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COVID-19, Africa and Europe: The Possible Aftermath of the Pandemic

In his latest book, La seconda guerra fredda (The Second Cold War), written before the COVID-19 outbreak, Federico Rampini almost predicted the terrible emergency we are living today. He wonders, “who will lead the next crisis if a global economic recession crosses the new cold war?”

He goes on to say, “Xi (Jinping) has set things in motion to build the premise for a clash with his dirigisme of state, with military reinforcement and geopolitical expansion […] hypothesizing that hi authoritarian political system is more efficient than our shattered liberal democracies.”

Rampini dedicates a chapter to Africa. He is merciless in his analysis citing economist Sarwar Kashmeri who states, “the Chinese have bought Africa. They are its new owners. They are invading it to plunder its raw materials.”

The author adds, “the challenge between China and the West will play out largely on Africa’s destiny. And in fact, we have decide we don’t want a role in it.”

It’s difficult not to agree with a Rampini when the attitude of the European governing classes in the past few years has been the fear of Africa and its migratory flows. It can’t seem to grasp its potential as a fruitful seed of economic, cultural and geopolitical cooperation.

Today, the coronavirus is redefining the social balance, the geopolitical hierarchies, the way of understanding development, our priorities.

Our newspaper has launched an appeal to defend those most exposed to the health crisis.

We wrote, “Africa needs us now more than ever because of its disastrous healthcare deficiencies, because of its immense population, because of the enormity of injustices and the economic privileges in the hands of very few.”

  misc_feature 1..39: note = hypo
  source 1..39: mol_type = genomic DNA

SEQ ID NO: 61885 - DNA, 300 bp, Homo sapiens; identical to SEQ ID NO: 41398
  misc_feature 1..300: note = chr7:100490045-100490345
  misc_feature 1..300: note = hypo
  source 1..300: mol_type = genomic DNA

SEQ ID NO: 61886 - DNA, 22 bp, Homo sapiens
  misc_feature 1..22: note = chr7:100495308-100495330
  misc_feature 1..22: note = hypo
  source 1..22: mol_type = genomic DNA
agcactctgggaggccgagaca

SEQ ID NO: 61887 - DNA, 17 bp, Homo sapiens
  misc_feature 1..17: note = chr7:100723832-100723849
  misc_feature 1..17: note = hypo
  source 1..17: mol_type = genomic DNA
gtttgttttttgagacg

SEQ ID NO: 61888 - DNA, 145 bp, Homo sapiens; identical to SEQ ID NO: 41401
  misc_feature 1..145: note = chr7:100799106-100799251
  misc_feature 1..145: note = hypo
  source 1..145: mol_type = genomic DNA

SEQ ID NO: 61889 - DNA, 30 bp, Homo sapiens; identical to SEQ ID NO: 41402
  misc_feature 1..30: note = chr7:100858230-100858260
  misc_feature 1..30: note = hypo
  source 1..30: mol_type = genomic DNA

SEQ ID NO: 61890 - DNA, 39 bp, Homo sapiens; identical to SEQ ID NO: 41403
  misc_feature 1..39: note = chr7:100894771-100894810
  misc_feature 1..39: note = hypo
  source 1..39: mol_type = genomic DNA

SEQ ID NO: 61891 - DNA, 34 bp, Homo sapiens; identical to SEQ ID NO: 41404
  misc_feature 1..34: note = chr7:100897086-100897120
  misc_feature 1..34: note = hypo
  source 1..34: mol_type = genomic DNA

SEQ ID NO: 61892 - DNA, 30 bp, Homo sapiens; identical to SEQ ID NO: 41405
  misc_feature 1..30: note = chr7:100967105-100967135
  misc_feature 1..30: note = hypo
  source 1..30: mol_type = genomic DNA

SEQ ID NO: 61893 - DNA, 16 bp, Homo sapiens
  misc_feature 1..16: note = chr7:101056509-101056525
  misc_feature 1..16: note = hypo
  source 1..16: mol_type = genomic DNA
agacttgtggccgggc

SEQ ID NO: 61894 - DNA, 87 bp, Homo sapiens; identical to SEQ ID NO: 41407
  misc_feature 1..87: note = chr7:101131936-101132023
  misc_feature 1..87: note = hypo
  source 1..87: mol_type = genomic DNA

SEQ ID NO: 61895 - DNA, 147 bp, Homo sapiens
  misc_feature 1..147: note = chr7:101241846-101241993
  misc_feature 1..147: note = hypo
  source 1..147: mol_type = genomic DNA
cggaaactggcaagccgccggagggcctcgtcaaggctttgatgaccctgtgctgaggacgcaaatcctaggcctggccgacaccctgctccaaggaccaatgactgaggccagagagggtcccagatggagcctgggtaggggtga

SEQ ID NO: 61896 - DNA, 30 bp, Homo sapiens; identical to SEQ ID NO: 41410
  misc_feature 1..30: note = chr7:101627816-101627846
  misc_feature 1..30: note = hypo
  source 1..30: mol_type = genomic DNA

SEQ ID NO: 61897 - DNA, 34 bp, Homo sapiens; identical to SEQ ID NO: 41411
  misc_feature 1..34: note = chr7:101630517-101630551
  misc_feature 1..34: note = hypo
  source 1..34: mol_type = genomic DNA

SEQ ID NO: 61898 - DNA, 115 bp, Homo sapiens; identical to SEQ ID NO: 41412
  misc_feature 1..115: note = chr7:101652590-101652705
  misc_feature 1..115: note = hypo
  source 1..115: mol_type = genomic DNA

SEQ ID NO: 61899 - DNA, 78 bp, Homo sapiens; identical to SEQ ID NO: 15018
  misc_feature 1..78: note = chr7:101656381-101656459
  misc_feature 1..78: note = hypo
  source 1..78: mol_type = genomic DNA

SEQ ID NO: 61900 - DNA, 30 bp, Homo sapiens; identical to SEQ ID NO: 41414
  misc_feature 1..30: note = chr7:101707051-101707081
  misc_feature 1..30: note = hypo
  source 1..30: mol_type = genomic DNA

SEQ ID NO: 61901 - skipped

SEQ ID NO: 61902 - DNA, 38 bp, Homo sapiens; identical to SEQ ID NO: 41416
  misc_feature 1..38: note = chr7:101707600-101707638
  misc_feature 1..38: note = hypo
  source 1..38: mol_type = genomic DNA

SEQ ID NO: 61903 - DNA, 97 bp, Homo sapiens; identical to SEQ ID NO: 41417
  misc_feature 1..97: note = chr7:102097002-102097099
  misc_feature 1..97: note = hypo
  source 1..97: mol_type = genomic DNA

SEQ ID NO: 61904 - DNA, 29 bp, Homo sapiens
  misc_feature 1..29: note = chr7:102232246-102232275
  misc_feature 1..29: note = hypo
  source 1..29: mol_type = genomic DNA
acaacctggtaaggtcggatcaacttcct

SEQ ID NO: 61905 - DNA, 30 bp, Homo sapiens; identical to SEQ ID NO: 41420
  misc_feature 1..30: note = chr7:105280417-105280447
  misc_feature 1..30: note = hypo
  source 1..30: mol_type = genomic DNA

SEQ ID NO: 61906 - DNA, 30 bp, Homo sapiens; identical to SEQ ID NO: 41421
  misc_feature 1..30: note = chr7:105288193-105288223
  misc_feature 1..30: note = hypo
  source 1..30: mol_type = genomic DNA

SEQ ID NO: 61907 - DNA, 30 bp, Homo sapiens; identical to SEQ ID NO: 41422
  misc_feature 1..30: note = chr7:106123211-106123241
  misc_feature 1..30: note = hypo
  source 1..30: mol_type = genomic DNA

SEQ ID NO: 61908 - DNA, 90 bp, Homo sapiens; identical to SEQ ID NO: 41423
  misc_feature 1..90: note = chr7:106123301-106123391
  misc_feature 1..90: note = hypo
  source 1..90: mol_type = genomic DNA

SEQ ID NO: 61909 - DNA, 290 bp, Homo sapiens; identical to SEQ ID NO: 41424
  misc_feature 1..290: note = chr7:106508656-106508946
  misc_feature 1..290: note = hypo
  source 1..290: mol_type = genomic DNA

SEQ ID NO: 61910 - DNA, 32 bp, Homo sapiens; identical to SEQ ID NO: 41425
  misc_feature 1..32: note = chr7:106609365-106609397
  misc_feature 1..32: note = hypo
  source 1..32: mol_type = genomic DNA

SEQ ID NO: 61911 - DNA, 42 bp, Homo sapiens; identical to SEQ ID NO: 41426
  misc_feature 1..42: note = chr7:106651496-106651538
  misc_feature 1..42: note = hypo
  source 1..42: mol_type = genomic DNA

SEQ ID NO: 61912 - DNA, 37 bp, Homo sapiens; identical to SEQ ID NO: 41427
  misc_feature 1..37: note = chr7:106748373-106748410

Recently, in the newspaper Avenire, Editor-in-Chief of this newspaper, Antonella Napoli, wrote incensed articles about how the pandemic in Africa is favoring Islamic terrorist groups, “across the Sahel region, the edge of the desert, five kilometers that stretch fromWestern Sahara to South Sudan, is terrain for the Jihadist to conquer.”

We can’t wait any longer!

We are waiting for an initiative, from the European Union in particular, that has been called for and ignored for too long.

I am asking the President of the European Commission to add the relationship status between Europe and Africa as a priority in her program in an innovative and positive manner.

There are five things that must be addressed immediately:

  • An extraordinary measure to provide adequate medical and paramedical expertise, adequate healthcare facilities and efficient Personal Protective Equipment;
  • Strengthen the military in response to the expansion of Islamic terrorism;
  • Strive for the leaders of the G20 to allocate Special Drawing Rights (SDR) by the International Monetary Fund (IMF), a sort of global currency to help developing countries, and that creditor
  • The five priority sectors in which the EU and Africa have decided to invest in (green transition, digital transformation, sustainable growth and employment, peace and governance, migration and mobilization) are not just proposals without content, and content without projects, and projects without financing. The drafting of the EU 2021/2027 multiannual financial framework must prove it.
  • Intervene in big multinational business deals that are sucking the large natural and mineral resources and leaving only tidbits for local communities, already harassed by the criminal networks that live on big business dealings of blood-soaked minerals.

The European Parliament made a historical gesture when it voted on the traceability of minerals extracted in Africa and the supply chain that leads them to become components of many objects we use.

Continue in this direction. And have no fear.

We mustn’t be afraid, we can’t and we mustn’t give up. We want the European and Western ruling classes to stop the final outcome described by Rampini.

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